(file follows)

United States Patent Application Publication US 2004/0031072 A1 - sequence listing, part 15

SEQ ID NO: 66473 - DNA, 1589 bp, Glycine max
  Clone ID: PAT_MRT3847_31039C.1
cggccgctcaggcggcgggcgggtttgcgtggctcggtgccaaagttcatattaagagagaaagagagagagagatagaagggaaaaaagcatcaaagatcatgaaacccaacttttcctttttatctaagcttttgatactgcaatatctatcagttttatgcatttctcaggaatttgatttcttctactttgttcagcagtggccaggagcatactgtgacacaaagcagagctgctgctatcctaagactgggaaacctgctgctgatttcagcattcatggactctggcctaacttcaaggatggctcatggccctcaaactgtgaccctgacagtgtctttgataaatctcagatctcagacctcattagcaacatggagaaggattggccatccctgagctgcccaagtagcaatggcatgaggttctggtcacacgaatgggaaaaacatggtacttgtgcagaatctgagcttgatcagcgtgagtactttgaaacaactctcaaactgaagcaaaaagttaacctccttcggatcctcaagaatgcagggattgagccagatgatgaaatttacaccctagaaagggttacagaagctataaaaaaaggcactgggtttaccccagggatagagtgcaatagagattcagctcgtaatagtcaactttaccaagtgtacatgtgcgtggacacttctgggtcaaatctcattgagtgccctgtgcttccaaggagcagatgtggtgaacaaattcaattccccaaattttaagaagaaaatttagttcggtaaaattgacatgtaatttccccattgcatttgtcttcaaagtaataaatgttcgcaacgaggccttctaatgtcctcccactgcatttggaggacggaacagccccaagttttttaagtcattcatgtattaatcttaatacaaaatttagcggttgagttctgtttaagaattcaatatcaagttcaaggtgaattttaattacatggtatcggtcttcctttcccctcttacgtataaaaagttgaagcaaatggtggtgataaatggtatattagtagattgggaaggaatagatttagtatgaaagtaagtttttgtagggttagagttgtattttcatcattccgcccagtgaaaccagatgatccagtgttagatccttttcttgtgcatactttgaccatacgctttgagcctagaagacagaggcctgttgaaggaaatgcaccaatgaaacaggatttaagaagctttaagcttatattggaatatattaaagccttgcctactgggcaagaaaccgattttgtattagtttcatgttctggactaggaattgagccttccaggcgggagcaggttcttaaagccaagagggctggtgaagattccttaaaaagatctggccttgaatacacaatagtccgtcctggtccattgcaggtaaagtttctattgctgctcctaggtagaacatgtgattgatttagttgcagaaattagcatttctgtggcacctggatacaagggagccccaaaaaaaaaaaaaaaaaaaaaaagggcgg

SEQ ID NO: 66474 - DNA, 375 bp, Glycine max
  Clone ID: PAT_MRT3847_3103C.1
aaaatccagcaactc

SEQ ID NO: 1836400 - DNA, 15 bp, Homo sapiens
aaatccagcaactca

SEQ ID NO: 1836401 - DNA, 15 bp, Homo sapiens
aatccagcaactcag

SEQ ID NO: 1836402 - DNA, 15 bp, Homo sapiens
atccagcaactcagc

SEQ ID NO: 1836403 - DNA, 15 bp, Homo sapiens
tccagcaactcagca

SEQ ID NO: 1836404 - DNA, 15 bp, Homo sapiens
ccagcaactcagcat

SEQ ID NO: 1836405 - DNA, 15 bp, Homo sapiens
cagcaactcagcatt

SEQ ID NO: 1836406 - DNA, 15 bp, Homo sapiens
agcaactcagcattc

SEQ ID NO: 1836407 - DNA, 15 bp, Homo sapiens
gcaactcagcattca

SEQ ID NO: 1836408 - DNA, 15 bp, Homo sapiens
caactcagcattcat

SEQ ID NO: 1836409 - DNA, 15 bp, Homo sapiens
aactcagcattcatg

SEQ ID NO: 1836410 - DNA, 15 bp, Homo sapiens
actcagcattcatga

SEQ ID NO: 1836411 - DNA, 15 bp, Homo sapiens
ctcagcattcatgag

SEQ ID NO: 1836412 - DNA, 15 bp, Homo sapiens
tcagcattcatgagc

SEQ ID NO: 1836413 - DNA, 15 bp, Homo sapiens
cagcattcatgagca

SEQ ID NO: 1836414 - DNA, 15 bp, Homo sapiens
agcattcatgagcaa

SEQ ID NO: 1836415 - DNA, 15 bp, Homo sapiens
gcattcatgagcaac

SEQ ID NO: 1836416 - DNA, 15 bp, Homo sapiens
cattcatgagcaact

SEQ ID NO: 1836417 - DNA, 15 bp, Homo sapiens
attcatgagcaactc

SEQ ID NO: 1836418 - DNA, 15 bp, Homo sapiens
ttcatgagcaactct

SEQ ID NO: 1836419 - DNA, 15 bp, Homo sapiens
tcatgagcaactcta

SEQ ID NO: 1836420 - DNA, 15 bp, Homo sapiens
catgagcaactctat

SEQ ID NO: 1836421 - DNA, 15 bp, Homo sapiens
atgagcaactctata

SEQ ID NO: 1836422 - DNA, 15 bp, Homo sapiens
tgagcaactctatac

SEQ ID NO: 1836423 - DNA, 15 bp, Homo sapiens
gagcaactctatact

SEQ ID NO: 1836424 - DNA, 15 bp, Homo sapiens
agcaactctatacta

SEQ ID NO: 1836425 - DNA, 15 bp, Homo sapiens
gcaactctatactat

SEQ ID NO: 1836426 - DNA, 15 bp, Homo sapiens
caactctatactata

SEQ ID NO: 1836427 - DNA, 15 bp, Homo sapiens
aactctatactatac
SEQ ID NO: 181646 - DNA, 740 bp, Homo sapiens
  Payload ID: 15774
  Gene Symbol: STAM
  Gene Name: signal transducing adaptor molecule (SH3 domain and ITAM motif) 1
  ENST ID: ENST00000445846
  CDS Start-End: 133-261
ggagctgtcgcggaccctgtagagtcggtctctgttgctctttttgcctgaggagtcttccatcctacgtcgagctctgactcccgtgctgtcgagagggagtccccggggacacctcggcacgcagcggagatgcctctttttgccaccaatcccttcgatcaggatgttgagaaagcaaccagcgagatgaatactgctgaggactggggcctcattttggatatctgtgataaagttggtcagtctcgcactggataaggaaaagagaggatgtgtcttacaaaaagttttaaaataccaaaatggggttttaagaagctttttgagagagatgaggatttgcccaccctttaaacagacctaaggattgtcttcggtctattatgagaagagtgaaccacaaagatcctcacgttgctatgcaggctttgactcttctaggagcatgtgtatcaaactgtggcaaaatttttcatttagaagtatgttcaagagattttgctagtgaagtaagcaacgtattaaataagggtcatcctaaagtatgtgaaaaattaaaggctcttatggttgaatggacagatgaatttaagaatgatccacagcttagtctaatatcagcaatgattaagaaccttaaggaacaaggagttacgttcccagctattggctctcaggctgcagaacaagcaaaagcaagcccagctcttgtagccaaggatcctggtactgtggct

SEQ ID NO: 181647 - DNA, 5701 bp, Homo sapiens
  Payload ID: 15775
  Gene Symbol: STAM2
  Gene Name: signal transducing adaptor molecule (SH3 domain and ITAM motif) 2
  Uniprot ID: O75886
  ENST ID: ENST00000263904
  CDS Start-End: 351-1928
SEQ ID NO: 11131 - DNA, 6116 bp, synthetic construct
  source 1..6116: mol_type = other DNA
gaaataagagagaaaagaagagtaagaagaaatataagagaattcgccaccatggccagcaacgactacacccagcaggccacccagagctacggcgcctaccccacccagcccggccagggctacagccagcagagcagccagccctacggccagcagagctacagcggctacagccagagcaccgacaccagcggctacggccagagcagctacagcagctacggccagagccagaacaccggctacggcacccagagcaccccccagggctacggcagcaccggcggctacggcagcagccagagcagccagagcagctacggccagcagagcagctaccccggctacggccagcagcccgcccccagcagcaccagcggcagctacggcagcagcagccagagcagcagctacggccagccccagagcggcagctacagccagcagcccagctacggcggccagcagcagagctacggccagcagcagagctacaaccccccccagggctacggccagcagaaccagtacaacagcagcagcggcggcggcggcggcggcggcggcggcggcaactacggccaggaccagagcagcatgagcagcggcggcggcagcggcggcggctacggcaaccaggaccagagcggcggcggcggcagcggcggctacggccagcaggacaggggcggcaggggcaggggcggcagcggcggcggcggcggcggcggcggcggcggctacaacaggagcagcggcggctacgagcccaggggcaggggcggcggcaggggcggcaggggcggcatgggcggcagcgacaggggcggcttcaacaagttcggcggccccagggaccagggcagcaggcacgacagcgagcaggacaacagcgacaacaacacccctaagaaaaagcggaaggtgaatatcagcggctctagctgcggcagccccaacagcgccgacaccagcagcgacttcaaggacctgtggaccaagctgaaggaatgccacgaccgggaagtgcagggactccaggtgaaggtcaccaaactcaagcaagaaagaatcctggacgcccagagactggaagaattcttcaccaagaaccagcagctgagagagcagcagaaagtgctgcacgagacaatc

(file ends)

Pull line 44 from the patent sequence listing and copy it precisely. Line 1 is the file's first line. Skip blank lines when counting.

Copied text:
SEQ ID NO: 1836418 - DNA, 15 bp, Homo sapiens